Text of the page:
Monday, October 27, 2014

Trainsity Manila Windows Phone App

With this Windows Phone 8+ app, find your way around the city of Manila using the high resolution vector maps of the MRT-3, LRT-1, LRT-2, and PNR Metro Commuter lines. The maps have small file size footprints but with many levels of zoom and can work offline without connecting to the Internet. You can zoom closer without having the details becoming blurred or "pixelated", like bitmap images. Users can click the train station labels to open Google Maps, where they can use all the functions of the Google app to visualize the surrounding area and/or perform routing for directions. There is also an offline function to calculate the best way to travel from a station to another station with a direction breakdown and estimated timings (which may vary from the actual travelling time).

The following screenshots show how the app looks like on a Windows Phone 8 handset.

When a tile is tapped, a detail map view of the selected line will appear, as shown below.

 Tapping a labeled box on the map will display the train station on the external Maps application, as shown below.

If you want to find how long it takes to travel from one station to another station, and the best route to take, simply swipe to the Route page. Then type in the From station and To station. As you enter the values, a drop down list will appear and a station can be selected from the list. Finally tap the Execute icon.

 Tapping the more details link will display the recommended route to take.

Click the button below to download the app from the Windows Phone store.

Monday, October 20, 2014

Using SpatiaLite GUI to create a point geometry table from an ordinary table

Sometimes I have an ordinary table with numerical latitude and longitude columns and I need to construct a point geometry table from the records in the normal table, e.g. stations_raw. An example of such a table is shown in the screenshot below.

In the SpatiaLite GUI, enter the following SQL command to create a new table named stations:
CREATE TABLE stations AS 
SELECT
PK_UID,
code,
name,
ST_GeomFromText(
'POINT('||lng||' '||lat||')'
4326
)
AS Geometry
FROM stations_raw

Note: 4326 in the example command is just the geographical coordinate system SRID of the data.

Execute the command.


The table stations is created.


The table is still a non-spatial table. In order to change it to a spatial table, the following steps need to be done.

  1. In the SpatiaLite GUI, press mouse right click on the geometry column.


  2. In the pop up menu, choose Recover geometry column,

    The Recover Geometry column dialog box appears.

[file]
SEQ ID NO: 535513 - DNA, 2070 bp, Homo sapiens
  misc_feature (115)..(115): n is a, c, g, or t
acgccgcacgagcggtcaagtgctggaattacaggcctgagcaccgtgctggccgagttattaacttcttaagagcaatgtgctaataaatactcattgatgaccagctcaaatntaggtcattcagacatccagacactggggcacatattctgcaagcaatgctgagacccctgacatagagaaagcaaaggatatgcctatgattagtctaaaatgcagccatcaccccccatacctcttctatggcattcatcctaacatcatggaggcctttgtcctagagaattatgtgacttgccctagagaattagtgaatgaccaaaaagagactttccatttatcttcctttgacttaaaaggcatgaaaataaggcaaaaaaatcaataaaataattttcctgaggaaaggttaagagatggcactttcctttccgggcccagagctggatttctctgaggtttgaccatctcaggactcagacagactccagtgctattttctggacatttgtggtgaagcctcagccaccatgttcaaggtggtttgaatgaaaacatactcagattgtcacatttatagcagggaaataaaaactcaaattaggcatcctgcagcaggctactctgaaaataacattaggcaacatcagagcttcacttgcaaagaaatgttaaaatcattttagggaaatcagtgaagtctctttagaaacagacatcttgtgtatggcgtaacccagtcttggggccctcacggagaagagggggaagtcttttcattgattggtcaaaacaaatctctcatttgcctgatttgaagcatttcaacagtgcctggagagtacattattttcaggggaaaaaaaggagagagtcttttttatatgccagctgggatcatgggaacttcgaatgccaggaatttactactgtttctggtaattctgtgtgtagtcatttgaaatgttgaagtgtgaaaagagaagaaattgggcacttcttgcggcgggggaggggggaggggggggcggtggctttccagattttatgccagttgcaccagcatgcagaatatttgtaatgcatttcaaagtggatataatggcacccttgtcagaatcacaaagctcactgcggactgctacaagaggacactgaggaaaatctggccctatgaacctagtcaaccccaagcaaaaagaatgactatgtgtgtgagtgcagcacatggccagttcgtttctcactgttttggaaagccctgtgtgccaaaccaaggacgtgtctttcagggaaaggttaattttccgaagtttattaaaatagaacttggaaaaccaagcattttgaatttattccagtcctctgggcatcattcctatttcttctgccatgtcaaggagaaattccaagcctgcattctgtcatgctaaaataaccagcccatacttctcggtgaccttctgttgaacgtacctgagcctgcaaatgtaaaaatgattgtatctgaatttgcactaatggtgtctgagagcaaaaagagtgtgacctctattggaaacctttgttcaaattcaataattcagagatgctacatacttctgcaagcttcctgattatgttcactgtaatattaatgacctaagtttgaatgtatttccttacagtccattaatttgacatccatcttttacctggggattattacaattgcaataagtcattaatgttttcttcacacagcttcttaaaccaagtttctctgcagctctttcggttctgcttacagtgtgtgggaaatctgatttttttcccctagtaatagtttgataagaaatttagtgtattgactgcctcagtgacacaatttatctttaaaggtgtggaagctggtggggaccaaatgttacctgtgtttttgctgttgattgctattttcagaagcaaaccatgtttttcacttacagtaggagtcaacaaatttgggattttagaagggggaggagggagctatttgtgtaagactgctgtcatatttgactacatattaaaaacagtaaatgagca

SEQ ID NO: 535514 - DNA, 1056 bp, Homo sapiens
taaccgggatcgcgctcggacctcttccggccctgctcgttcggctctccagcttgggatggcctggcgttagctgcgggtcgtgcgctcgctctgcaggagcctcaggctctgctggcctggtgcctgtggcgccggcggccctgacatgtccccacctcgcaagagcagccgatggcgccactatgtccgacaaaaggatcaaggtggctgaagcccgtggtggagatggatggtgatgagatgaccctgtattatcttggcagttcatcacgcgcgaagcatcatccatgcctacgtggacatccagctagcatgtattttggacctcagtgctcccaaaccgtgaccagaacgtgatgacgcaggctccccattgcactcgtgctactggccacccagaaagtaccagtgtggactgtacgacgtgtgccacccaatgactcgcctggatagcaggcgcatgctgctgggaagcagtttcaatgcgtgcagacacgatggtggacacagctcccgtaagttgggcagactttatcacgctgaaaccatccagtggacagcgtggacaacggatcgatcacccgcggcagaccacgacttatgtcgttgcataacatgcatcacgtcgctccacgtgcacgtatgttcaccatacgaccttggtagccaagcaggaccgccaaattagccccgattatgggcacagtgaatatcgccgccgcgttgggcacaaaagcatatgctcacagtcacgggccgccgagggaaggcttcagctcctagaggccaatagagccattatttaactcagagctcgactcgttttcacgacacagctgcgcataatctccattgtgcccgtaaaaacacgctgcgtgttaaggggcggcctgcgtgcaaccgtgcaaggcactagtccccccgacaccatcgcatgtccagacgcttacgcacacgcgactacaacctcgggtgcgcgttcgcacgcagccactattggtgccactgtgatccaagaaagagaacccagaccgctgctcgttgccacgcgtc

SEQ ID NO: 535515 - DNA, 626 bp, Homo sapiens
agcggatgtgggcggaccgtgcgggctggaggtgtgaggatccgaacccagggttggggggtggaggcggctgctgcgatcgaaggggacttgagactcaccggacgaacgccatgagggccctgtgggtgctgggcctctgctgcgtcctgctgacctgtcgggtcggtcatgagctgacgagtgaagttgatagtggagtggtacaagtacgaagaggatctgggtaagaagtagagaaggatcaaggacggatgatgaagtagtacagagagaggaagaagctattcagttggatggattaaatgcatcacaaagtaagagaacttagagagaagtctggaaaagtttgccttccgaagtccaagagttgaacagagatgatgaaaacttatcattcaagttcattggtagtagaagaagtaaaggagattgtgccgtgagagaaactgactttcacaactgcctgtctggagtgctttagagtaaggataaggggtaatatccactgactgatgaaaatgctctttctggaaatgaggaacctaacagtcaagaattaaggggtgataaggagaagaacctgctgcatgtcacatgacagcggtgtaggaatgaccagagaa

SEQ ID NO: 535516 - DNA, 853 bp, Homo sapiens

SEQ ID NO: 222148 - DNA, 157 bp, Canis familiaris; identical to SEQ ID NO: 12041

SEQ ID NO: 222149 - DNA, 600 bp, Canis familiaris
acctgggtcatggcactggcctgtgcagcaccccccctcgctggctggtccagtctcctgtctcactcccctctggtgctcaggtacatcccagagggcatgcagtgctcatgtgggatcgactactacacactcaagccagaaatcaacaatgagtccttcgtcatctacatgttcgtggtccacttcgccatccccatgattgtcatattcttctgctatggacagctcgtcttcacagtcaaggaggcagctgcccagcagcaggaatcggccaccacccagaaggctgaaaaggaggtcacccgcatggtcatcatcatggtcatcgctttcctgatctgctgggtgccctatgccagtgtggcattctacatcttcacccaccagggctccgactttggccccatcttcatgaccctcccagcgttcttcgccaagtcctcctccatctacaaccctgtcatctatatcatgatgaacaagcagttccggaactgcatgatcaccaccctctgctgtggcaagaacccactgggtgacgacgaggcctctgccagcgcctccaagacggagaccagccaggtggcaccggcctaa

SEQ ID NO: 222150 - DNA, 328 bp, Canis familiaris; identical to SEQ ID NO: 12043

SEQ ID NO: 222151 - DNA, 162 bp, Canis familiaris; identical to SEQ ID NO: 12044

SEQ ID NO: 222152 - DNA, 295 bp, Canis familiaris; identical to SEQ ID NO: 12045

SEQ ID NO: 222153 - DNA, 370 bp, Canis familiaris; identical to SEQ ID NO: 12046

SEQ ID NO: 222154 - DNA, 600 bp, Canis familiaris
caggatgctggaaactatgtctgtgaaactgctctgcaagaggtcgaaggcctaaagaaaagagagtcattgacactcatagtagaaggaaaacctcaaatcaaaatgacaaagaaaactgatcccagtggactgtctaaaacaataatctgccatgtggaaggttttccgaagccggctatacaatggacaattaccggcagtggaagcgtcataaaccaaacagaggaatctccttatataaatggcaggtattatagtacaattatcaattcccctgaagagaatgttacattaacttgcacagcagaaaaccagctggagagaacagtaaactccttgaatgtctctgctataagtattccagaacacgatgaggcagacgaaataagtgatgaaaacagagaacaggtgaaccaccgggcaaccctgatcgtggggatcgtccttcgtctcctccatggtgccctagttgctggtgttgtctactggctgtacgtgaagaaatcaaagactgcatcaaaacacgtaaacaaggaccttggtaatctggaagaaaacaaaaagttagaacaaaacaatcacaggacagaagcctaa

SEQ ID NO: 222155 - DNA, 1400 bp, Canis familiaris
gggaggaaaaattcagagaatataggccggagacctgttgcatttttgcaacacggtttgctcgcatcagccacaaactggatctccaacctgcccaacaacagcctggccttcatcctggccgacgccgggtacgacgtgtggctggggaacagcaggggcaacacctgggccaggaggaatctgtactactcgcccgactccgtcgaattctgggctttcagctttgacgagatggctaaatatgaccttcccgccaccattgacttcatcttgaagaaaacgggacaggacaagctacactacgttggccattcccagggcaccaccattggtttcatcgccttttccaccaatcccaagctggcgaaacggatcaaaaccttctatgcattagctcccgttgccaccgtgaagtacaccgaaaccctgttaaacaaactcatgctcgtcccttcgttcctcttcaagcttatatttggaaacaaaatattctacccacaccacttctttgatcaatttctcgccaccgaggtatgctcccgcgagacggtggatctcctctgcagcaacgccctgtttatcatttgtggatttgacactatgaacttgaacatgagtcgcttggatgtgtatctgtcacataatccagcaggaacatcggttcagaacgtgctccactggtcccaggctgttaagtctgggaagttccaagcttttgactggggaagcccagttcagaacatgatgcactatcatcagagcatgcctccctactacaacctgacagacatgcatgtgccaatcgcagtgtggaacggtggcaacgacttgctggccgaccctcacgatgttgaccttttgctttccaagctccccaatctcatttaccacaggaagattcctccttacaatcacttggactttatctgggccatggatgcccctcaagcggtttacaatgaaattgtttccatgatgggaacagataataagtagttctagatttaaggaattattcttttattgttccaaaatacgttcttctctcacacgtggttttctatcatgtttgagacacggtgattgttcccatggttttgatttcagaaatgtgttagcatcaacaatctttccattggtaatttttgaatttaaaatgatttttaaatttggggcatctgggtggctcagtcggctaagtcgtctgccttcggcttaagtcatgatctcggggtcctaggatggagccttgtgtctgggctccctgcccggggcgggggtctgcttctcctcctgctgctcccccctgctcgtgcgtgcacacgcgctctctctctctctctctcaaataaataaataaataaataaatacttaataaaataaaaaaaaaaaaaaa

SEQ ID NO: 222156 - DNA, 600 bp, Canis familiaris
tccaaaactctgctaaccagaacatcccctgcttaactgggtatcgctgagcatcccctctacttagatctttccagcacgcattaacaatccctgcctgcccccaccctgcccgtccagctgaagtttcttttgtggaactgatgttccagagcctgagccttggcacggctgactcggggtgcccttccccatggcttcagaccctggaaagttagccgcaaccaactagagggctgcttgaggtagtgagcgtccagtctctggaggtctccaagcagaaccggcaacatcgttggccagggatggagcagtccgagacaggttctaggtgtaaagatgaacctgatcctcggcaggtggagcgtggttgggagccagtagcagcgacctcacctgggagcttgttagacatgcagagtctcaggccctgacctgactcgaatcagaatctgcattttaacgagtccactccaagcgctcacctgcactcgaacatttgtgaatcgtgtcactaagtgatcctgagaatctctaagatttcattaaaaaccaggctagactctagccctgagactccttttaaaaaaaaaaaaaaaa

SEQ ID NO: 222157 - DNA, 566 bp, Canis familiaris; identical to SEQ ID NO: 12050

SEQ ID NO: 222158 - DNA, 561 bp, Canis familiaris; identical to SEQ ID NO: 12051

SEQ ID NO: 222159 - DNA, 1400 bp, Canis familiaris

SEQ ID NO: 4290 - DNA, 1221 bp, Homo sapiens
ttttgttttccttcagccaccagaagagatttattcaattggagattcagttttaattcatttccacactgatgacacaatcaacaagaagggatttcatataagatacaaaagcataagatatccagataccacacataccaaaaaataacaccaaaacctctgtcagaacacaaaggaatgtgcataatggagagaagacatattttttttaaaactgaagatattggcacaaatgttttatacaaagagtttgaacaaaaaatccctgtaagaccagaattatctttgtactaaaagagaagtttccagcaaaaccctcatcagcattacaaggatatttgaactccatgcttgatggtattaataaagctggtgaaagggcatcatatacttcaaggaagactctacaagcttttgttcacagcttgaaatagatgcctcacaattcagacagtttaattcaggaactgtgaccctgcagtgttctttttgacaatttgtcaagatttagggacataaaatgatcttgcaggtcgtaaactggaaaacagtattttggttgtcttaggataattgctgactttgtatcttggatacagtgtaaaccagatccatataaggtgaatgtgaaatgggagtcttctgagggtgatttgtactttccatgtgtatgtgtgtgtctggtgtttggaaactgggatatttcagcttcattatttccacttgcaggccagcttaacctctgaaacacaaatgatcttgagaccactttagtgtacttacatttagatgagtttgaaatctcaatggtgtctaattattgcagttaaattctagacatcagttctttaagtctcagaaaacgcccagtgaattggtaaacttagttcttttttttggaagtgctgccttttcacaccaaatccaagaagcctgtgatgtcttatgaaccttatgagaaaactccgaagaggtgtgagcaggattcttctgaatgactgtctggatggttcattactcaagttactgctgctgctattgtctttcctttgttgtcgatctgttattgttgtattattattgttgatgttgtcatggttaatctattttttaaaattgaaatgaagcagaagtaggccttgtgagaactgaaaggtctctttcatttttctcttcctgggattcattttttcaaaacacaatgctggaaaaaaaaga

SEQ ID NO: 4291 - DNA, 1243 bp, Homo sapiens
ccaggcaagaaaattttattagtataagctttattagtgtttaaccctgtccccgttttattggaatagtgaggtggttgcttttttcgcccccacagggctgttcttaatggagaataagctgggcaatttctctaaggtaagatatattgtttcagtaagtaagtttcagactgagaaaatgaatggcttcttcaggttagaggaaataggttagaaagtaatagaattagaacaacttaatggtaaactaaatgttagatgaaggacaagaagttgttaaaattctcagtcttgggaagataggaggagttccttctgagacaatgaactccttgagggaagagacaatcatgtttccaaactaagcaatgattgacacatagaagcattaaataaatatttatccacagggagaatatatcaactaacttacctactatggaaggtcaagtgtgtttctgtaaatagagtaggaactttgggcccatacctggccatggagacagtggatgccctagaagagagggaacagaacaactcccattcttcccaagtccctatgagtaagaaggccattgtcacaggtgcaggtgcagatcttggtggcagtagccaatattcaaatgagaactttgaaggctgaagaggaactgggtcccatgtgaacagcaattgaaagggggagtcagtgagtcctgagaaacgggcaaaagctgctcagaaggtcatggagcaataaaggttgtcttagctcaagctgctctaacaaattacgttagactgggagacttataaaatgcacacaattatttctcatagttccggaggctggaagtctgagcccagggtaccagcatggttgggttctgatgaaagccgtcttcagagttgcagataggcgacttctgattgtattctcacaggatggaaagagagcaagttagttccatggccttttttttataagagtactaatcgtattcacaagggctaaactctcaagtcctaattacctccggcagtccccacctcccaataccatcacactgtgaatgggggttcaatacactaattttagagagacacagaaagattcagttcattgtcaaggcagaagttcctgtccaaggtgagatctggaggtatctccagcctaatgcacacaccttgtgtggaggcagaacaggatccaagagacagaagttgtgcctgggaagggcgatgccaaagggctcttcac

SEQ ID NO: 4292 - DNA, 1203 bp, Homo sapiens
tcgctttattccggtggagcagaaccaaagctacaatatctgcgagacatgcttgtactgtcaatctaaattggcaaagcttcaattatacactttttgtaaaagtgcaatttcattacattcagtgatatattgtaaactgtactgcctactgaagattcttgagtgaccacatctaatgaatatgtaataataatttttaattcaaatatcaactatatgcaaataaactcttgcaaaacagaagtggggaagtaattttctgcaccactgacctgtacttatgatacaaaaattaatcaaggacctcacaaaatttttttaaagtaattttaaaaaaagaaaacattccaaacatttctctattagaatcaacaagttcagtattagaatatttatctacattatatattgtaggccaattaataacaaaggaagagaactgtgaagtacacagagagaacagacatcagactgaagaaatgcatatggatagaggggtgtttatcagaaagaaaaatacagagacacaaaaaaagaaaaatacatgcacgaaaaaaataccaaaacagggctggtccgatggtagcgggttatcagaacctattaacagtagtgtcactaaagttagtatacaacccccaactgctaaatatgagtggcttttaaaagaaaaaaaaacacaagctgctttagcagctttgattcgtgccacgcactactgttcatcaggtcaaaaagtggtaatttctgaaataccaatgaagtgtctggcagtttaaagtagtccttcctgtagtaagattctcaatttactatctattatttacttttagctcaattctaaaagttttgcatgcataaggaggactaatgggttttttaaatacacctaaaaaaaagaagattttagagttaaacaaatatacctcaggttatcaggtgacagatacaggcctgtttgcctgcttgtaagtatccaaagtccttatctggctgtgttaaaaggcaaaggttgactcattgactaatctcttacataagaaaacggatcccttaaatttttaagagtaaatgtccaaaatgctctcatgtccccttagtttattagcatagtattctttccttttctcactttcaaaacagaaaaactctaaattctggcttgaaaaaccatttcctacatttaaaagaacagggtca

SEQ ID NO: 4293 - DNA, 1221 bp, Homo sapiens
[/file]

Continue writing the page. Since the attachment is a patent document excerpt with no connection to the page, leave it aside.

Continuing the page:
3. In the SRID field, type in the data's SRID e.g. 4326 for geographical latitude and longitude data.
  4. In the Dims field, choose the appropriate dimensions of the data, e.g. XY for 2-D.
  5. In the Geometry field, choose the appropriate geometry of the data, e.g. POINT for point data.
  6. Press OK.

    If the parameters are correct, the following message will appear.


    The GUI should show the table as a spatial table (with a globe).


Sunday, October 12, 2014

Example SpatiaLite query to find neighbors of a polygon

A common spatial query is to find all the neighbor polygons touching a subject polygon. The screenshot below shows a SpatiaLite database of selected country feature polygons.

If you want to find all the neighboring countries of the country Canada, the following SpatiaLite SQL query can be used.
select b.name
from country a, country b
where touches(a.geometry, b.geometry)
and a.name = 'Canada'


The result 'USA' is returned.
 

Monday, October 6, 2014

Trainsity Singapore MRT for Windows Phone 8


This is a Windows Phone 8+ app for displaying the Singapore MRT and LRT metro network maps. The maps are high resolution vector files instead of raster images; the file sizes are small and you can zoom closer without having the details becoming blurred or "pixelated", like bitmap images.  The maps also have some interactivity coded in - when the train station labels are touched (or clicked), an option menu will pop up. Users can then choose to send the station location to the external Maps app where they can visualize the surroundings and/or perform directions routing.


The following screenshots show how the app looks like on a Windows Phone 8 handset.
 
When a tile is tapped, the detail map view of the MRT line will appear, as shown below.

Tapping a labeled box on the map will display the MRT station on the external Maps application, as shown below.

 If you want to find how long it takes to travel from one station to another station, and the best route to take, simply swipe to the Route page. Then type in the From station and To station and tap the Execute icon.

Tapping the more details link will display the recommended route to take.

 The app can be downloaded from the Windows Phone store.

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